Adamangamingum Rage:
If I Were IGA-San: The Perfect Castlevania
-By Adam Pearson-
-Presented by DMG
-All Dracula's rib are prossess by us.-
-Presented 10/18/2005-

I have been playing Castlevania: Dawn of Sorrow since it came out. Not too much else actually, at least, I know nothing else has entered my DS. I did play a bit of Castlevania for the NES, just because I got a craving for some old school vampire killing. I actually saw it through to the end, but I was using the holy water trick on the bosses... and uh, save states. But, yeah, no shame in that right? I will get the GBA version someday and play it straight, I promise. In the meantime, I have Julius Mode in C:DoS (run, run DOS run) to complete, and that should keep me plenty challenged. I can not just throw my Mangradora bullet soul over and over until stuff dies anymore; but GOD that whip is so cool. And FREAKING ALUCARD DUDE, so I do not mind.

Anyway, this article is not about how bad I suck. I was just thinking about Castlevania as a series. The hardcore fans of Castlevania have probably become complacent with the usage of the terms "Metroidvania" or "Castleroid" to describe the last few entries to the series, enough that they do not realize how god-awful those both sound. What's more, they seem to talk about it like it is something new for Castlevania to borrow from Metroid.

Does anyone remember Castlevania II: Simon's Quest for the NES?

I guess it is considered the stepchild sequel of the series, much like The Adventure of Link was for Zelda. I'm just barely not old enough to remember, since I was introduced to it around the same time as the NES, but the American Super Mario Bros. 2 must have baffled most people expecting SMB Redux. Each of the three series I brought up have an interesting parallel: they each followed their instant classic with an experimental deviation from the original games formula, then seemed to mend the best of both into a phenomenal third entry that nearly overshadowed the original in every way. Castlevania III pushed the NES further than anyone thought possible, The Legend of Zelda: A Link to the Past molded the archetype that all Zeldas still follow to this day, and I don't have to tell you how awesome Super Mario Bros. 3 is.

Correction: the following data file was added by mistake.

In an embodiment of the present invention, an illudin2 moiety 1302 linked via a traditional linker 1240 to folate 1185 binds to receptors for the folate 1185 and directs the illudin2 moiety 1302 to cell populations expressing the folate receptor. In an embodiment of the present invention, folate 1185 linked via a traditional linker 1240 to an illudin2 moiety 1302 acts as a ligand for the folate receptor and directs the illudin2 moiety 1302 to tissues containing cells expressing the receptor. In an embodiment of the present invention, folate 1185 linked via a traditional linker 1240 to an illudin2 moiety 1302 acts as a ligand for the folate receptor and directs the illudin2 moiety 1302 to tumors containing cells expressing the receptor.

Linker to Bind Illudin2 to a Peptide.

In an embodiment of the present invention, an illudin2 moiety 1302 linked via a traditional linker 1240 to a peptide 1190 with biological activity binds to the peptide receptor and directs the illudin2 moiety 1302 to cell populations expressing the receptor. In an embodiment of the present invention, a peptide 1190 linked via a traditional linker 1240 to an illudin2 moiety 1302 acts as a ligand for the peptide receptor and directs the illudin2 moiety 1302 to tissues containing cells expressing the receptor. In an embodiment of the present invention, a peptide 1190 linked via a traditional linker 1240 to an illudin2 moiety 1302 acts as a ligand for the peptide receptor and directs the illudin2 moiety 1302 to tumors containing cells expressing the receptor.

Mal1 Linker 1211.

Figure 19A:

However, where Super Mario Bros. 2 and The Adventure of Link can still hold their own today (despite being a bit under-rated), I think Castlevania II deserves to be revisited. This, as the title above states, would be my perfect Castlevania.

Koji Igarashi is so freaking awesome. Take a look at him the next time you are presented with the opportunity to do so in your favorite gaming publication. He looks like he should be creating avant-noise metal, not video games. Nevertheless, thank God he is with us... or, you know, whoever. I do not care what people say about Lament of Innocence, he is doing fine with the handheld versions, and I am expecting Curse of Darkness to surprise a lot of people. Anyway, I wonder if IGA would like my idea. As you should know, he has basically inherited Castlevania and is considered to be THE guy controlling the series. He seems to be a fan of the original games, and has been a part of the Castlevania series in some form since Symphony of the Night. He even was quoted to say that he wanted to remake Castlevania III in 3D for the Curse of Darkness project, but got shot down. Maybe his team would like my idea better.

Here is the idea I would pitch to him: Take as much freedom as you want with the story and the level design of the original, adapting it into something that embraces the kind of gameplay people now expect from Castlevania games. I guess it could technically be an entry in the Castlevania Chronicles series, but I would rather see the game totally rehauled and retold. Add new characters, add stuff after where the original game ended, maybe Alucard shows up, who cares honestly, as long as it is cool. Think of Metroid Zero Mission. Nintendo decided to add a bit of "Metroid Gear Solid" (HA! I can make annoying buzz phrases, too) to the end of Samus's first adventure, while doing some tie-ins to more recent Metroid entries, and explaining more about her history by bringing in some references to the comic series. I was never that happy with the original Metroid to be honest... the overall mood and the feeling of exploration was there, but the password system was clunky, and facets of the level design almost demanded some kind of "break-every-brick" mentality that would have worked much better with a map system in place. It was a nice prototype for Super Metroid, but the technology just was not ready for such a game yet, at least, if you ask my opinion. Castlevania II could use this same treatment. The towns could be much more lively and the townspeople could be much more helpful. Maybe you could actually make some intelligible conversation with them. Hopefully, no more "prossesing" of Dracula's parts. Thoughtful exploration without all the guesswork, and much more precise control over Simon Belmont. No more awkward problems with climbing stairs, and who can forget the double jump that we take for granted these days... that is more like it.